In the above explained probe-washing device, since it is not necessary to use a wash water, the construction becomes simple, and the probe 106 can be completely cleaned in conjunction with the liquid level detector.
The above explained probe-washing device and its transporting mechanism may be also applied to the probe of the sample delivery mechanism 36.
Next, a control device for controlling the actions of each portion of the analyzing apparatus, introducing test body information, treating and displaying analyzed results and the like will be explained. As stated above, in the present embodiment, the control device is arranged apart from the analyzing apparatus itself. When the analyzing apparatus is separated from the control device, (1) when the analyzing apparatus is installed in a laboratory hospital or the like which has a computer of sufficient capacity, the analyzing apparatus can be controlled by supplying appropriate software to this computer, (2) in case a dedicated control device becomes out of order, by selectively connecting the analyzing apparatus with a transmission circuit, the analyzing apparatus can be operated by a back-up computer connected through the transmission circuit, and (3) in case an increase in productivity is necessary, a single control device can operate a plurality of analyzing apparatuses by adding one or more analyzing apparatuses to the analyzing apparatus already in operation.
The constructions for carrying out the above functions (1) to (3) will be explained in order. FIG. 28 is a block diagram showing the construction of an automatic analyzing apparatus according to the present invention, in which control of the automatic analyzing apparatus is switchable between a dedicated control device and some other computer system such as a lab's host computer system. A dedicated control device 140 comprises a computer 141 and an interface 142 and is connected to an analyzing apparatus 25 through a switching device 143. Further, an alternate computer 144 can be connected to the analyzing device 25 through an interface 145 and said switching device 143. In this manner, the switching device 143 is automatically or manually operated, and the analyzing apparatus 25 is connected to either the dedicated control device 140 or the alternate computer 144.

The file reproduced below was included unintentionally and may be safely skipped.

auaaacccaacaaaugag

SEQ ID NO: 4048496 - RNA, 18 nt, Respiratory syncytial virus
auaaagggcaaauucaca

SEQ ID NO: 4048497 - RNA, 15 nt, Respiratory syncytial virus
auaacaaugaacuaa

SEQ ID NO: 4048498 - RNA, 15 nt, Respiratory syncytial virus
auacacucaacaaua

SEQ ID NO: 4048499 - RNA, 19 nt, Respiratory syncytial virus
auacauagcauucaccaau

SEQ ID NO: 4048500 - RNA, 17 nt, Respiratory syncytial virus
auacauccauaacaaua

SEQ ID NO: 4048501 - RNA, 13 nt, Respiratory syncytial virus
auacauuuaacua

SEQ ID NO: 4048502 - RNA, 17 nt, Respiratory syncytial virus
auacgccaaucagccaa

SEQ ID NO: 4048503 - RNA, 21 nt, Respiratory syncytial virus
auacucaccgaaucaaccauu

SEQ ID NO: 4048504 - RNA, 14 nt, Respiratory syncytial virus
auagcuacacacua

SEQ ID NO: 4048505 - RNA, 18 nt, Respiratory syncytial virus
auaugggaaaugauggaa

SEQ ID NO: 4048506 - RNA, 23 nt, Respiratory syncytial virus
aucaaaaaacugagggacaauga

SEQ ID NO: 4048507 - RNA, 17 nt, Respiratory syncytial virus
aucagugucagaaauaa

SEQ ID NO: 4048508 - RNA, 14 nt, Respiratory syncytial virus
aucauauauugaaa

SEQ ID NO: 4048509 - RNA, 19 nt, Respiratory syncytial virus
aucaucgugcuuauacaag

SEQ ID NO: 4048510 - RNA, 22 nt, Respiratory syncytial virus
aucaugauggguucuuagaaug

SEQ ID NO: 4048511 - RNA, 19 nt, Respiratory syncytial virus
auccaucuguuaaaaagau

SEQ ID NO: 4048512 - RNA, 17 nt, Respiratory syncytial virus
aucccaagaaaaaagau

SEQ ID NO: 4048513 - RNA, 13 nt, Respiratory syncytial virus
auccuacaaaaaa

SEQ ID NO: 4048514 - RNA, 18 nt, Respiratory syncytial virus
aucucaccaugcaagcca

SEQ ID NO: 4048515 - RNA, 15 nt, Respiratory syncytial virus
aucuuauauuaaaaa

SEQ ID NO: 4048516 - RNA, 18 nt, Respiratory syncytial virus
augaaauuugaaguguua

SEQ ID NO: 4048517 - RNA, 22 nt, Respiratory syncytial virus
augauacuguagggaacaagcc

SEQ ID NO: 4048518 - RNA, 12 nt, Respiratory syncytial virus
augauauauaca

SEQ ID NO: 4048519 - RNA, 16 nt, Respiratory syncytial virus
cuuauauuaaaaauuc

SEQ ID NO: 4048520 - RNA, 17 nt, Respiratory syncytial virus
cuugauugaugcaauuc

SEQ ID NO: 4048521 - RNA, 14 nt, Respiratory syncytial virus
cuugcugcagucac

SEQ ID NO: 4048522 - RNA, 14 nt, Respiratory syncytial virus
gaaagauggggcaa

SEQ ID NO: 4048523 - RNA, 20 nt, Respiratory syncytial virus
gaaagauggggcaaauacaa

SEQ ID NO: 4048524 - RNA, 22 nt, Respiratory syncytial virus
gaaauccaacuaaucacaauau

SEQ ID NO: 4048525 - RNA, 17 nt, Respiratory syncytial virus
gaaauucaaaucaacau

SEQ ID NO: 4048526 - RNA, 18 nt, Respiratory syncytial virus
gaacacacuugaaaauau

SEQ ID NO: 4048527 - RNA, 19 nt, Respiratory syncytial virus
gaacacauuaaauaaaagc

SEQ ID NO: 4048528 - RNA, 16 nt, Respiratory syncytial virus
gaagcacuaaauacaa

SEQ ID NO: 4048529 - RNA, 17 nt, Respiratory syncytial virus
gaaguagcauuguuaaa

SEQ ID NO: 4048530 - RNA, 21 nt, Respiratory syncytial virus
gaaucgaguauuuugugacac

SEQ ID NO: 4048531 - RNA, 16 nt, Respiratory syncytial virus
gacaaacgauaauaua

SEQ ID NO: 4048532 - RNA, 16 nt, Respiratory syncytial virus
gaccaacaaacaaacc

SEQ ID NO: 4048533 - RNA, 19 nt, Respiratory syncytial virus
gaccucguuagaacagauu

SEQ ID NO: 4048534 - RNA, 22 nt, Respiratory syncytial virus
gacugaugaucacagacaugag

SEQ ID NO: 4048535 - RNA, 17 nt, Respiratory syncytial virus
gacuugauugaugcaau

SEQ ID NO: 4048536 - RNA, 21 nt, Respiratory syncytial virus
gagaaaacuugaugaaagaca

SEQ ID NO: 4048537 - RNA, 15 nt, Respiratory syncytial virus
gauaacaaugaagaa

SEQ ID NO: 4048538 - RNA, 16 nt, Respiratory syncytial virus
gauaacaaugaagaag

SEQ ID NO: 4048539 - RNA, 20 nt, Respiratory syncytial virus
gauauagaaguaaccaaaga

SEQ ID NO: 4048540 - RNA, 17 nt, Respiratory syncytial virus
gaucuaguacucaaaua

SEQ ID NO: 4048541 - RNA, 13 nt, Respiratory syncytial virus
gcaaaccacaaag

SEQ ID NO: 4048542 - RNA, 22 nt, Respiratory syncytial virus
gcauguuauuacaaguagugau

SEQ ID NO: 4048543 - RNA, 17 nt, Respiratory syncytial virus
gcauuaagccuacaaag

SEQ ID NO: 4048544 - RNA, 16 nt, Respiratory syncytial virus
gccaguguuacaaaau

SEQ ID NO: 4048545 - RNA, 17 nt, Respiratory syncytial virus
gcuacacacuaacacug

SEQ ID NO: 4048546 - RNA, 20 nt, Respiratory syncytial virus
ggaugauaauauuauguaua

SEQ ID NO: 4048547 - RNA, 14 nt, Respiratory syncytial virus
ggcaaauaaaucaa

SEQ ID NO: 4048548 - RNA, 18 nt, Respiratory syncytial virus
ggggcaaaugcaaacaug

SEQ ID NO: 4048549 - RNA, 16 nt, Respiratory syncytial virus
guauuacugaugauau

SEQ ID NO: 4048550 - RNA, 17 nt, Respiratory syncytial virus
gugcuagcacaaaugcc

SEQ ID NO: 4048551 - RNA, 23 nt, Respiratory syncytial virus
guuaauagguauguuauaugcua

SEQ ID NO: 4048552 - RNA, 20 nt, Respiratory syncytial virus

According to such construction, if the dedicated control device 140 is down, the alternate computer 144 can serve as back-up by operating the switching device 143, so that there is not interruption in analyzing operation. Further, the computer 144 can be operated without affecting the dedicated control device 140.
FIG. 29 is a block diagram showing another embodiment of the system, including the automatic analyzing apparatus according to the present invention, in which the automatic analyzing apparatus is connectable with a back-up computer through a communication line. Like numerals indicate like parts as shown in FIG. 28. A back-up computer 144 is connected to a communication line 147 through an interface 145a and a MODEM 146a. This back-up computer 144, interface 145a and MODEM 146a are installed in a service company, maker, or the like. On the side of the provisions provided with the analyzing apparatus 25, is provided a MODEM 146b connected to said communication line 147 and further connected to the switching device 143 through an interface 145b. In this manner, the switching device 143 can be automatically or manually operated, and the analyzing apparatus 25 is then connected to either the back-up computer 144 or the dedicated control device 140.